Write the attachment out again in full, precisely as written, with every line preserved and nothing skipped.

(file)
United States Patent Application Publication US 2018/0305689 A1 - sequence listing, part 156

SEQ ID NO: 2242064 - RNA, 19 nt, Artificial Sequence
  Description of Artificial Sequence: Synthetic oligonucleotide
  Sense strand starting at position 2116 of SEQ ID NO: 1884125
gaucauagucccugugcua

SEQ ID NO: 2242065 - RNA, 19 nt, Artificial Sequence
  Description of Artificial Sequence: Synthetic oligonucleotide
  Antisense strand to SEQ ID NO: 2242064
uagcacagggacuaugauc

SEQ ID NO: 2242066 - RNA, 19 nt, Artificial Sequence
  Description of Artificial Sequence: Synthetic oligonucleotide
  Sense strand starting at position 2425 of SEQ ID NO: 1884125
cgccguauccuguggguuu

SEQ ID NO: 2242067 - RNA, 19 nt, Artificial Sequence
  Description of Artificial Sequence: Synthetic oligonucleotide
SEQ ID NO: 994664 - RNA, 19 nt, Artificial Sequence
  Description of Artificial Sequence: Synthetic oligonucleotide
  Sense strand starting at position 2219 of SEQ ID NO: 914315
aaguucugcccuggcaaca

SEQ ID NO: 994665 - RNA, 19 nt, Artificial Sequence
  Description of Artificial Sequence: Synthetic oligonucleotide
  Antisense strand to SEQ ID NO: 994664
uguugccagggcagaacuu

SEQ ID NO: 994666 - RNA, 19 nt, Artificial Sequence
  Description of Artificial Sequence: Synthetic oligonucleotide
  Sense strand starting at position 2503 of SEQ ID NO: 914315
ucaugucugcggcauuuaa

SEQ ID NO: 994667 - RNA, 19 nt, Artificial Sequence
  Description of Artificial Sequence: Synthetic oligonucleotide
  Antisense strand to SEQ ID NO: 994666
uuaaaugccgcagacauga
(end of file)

United States Patent Application Publication US 2018/0305689 A1 - sequence listing, part 156

SEQ ID NO: 2242064 - RNA, 19 nt, Artificial Sequence
  Description of Artificial Sequence: Synthetic oligonucleotide
  Sense strand starting at position 2116 of SEQ ID NO: 1884125
gaucauagucccugugcua

SEQ ID NO: 2242065 - RNA, 19 nt, Artificial Sequence
  Description of Artificial Sequence: Synthetic oligonucleotide
  Antisense strand to SEQ ID NO: 2242064
uagcacagggacuaugauc

SEQ ID NO: 2242066 - RNA, 19 nt, Artificial Sequence
  Description of Artificial Sequence: Synthetic oligonucleotide
  Sense strand starting at position 2425 of SEQ ID NO: 1884125
cgccguauccuguggguuu

SEQ ID NO: 2242067 - RNA, 19 nt, Artificial Sequence
  Description of Artificial Sequence: Synthetic oligonucleotide
SEQ ID NO: 994664 - RNA, 19 nt, Artificial Sequence
  Description of Artificial Sequence: Synthetic oligonucleotide
  Sense strand starting at position 2219 of SEQ ID NO: 914315
aaguucugcccuggcaaca

SEQ ID NO: 994665 - RNA, 19 nt, Artificial Sequence
  Description of Artificial Sequence: Synthetic oligonucleotide
  Antisense strand to SEQ ID NO: 994664
uguugccagggcagaacuu

SEQ ID NO: 994666 - RNA, 19 nt, Artificial Sequence
  Description of Artificial Sequence: Synthetic oligonucleotide
  Sense strand starting at position 2503 of SEQ ID NO: 914315
ucaugucugcggcauuuaa

SEQ ID NO: 994667 - RNA, 19 nt, Artificial Sequence
  Description of Artificial Sequence: Synthetic oligonucleotide
  Antisense strand to SEQ ID NO: 994666
uuaaaugccgcagacauga